America has practically made a religion out of hard work.

According to the International Labor Organization, we put in almost 500 more hours on the job per year than workers in France and 260 hours more than people in Great Britain. We even clock 137 more hours a year than workers in Japan, where they had to invent a word for “died from overwork.”

In America, “workaholic” is a compliment.” “Work-life balance” is a joke.

So, it’s surprising to see conservatives fret about an epidemic of laziness that is supposedly infecting the post-COVID economy. The culprit, they say, is the too-generous unemployment benefits that went into effect in March, which pay people so much to stay home that they don’t feel like showing up to work, and their lack of industry is going to drag the whole economy into stagnation.

There’s a lot of evidence to say this is nonsense. With many schools still closed, day care – if you can find it – outrageously expensive and a viral disease still killing people, there’s more than one reason that a minimum-wage job does not look like such a great opportunity.

But putting that aside, you wonder if the conservative critics are really listening to what they are saying. After decades of telling us that the best economic results come from liberating “job creators” with lower taxes and less regulation, they now say that economy can’t roar without workers.


If they don’t have people willing to work long hours for low wages, neglecting their health and families to barely make ends meet, all that entrepreneurial energy is wasted. It’s the wage earners who make the economy go, not the stockholders or private equity speculators who have been the big winners in the U.S. economy for decades.

I’ve always felt that way, but it’s nice to hear them say it.

We have learned a lot from COVID. It’s exposed weaknesses in our health care system and our polarized politics. It should also permanently change how we value workers.

When the country was divided into “essential” and “non-essential” categories, we could all see who stayed home and who stayed on the job.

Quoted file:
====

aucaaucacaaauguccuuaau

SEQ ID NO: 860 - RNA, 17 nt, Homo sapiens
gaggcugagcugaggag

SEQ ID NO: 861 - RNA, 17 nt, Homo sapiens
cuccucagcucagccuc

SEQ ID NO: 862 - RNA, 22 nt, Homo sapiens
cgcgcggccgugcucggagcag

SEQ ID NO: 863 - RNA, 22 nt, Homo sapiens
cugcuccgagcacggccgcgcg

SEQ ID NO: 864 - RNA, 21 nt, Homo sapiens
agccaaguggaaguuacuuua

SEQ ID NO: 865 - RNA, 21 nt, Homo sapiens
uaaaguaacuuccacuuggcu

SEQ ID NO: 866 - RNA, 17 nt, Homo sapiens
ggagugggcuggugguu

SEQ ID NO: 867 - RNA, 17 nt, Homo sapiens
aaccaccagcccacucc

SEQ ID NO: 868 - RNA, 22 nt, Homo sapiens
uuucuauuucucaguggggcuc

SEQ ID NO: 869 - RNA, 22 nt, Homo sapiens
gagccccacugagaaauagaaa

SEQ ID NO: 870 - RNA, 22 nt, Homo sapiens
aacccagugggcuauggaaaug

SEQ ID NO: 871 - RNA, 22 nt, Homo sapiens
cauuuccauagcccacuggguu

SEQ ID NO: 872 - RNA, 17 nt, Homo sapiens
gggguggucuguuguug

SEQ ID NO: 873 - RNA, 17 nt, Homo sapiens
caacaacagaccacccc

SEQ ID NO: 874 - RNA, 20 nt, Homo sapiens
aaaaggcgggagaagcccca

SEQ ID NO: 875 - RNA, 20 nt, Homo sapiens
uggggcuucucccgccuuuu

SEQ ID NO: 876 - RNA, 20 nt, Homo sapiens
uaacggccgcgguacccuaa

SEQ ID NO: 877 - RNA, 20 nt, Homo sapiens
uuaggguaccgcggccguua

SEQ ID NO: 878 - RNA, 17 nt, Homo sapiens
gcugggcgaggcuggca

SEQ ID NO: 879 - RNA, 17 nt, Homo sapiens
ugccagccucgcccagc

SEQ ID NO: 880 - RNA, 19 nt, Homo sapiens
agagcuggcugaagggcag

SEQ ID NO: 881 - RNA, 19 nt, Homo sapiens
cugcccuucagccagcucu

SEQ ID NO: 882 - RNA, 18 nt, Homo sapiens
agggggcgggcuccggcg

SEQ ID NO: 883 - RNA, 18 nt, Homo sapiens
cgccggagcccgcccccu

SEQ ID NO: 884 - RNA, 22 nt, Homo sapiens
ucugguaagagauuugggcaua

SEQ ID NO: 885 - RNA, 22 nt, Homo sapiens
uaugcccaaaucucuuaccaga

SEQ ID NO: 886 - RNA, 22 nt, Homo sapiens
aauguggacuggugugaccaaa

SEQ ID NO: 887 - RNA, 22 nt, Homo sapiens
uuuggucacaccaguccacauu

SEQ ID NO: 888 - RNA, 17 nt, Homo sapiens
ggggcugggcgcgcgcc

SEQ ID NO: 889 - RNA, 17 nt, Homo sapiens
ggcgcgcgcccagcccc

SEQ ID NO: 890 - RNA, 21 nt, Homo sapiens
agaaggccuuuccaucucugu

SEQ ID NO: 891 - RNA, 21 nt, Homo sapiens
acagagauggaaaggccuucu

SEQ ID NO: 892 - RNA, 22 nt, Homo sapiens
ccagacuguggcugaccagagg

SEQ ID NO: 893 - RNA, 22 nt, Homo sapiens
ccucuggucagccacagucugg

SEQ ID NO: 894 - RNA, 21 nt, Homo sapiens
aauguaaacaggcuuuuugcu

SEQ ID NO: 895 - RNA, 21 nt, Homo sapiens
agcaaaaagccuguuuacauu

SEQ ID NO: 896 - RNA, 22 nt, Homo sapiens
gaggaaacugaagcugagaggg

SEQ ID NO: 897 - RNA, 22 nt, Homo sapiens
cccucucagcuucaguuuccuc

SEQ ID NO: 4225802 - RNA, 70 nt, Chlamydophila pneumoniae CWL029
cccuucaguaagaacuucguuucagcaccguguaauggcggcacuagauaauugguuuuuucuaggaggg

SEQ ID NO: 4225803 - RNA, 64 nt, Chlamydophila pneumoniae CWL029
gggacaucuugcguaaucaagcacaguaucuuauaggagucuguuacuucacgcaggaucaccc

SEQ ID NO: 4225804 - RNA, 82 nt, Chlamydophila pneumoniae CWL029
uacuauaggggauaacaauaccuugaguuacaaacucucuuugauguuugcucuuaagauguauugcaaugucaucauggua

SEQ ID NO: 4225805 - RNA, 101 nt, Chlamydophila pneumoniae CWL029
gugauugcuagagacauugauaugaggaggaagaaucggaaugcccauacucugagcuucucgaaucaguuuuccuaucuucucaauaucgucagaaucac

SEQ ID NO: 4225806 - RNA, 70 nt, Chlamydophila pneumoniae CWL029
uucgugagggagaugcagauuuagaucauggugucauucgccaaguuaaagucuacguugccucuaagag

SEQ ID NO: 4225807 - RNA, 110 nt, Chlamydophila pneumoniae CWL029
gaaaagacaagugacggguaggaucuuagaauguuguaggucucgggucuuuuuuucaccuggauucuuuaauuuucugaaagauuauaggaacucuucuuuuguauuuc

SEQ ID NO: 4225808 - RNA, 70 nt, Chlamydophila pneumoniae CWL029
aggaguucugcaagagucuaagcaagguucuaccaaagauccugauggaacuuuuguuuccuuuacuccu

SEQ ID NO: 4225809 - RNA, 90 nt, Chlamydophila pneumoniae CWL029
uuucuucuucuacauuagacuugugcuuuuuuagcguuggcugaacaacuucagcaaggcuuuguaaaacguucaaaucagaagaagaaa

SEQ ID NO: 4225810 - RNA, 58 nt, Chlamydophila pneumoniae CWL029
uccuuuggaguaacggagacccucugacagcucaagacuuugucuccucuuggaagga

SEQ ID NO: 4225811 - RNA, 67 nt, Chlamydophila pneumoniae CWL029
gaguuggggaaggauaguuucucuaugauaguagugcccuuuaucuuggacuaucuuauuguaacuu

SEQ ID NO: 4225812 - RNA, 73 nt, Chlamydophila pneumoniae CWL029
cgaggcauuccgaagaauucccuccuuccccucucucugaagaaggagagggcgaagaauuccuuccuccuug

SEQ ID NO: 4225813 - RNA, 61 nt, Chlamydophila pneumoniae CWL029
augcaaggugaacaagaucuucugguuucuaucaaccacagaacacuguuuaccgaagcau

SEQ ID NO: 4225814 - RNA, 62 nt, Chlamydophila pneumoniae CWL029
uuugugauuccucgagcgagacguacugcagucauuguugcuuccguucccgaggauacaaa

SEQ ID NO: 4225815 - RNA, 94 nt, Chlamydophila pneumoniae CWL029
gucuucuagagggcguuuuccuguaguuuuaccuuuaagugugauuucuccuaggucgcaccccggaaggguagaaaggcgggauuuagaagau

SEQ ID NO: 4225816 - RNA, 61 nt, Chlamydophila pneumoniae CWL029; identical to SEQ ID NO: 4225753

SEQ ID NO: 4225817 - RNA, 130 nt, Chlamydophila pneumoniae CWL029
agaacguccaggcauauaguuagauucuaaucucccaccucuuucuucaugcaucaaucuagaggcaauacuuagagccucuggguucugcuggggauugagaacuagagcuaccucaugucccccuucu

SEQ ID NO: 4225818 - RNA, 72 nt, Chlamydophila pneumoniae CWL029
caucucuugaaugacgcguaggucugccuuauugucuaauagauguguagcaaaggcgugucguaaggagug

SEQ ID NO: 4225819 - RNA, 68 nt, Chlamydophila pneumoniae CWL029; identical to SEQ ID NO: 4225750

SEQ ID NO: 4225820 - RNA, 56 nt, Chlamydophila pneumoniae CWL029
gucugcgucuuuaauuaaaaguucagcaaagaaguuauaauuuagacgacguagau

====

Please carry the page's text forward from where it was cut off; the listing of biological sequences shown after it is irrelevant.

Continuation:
Sure, doctors, nurses, police officers, firefighters and EMTs were essential. But so were nursing home aides, grocery clerks and delivery drivers.

It became obvious that some of the most essential workers were also the lowest paid and lowest status members of the entire workforce.


There isn’t a place in Maine where someone earning minimum wage can afford to live, even if they are working 40 hours a week.

There are still thousands of Maine workers for whom sick days are an option for their employer. We are the only rich country in the world that doesn’t provide paid leave for parents when they have a baby.

In Maine, we should be used to worker shortages by now.

For years I wondered when Portland’s high-end restaurant scene would hit its natural limit: Would there be a point they would run out of people who could afford to fill their table with $20 “small plates”?

Surprisingly, the answer is no, or at least not yet. But before COVID, restaurateurs were hitting another limit: They were running out of dishwashers. There just weren’t enough people around who could work long hours in a hot kitchen at wages that wouldn’t pay the rent in an expensive city with no late-night public transit to get them home to the places where they could afford to live.

It wasn’t just the restaurants that had trouble hiring. Workforce shortages were reported in every industry, and Maine’s shrinking workforce has long been identified as a cause of economic decline.

Workers didn’t get lazy all of a sudden, and we don’t need to starve them back to work.

Now that we all agree how important they are, we need policies that help the people who really make our economy go.

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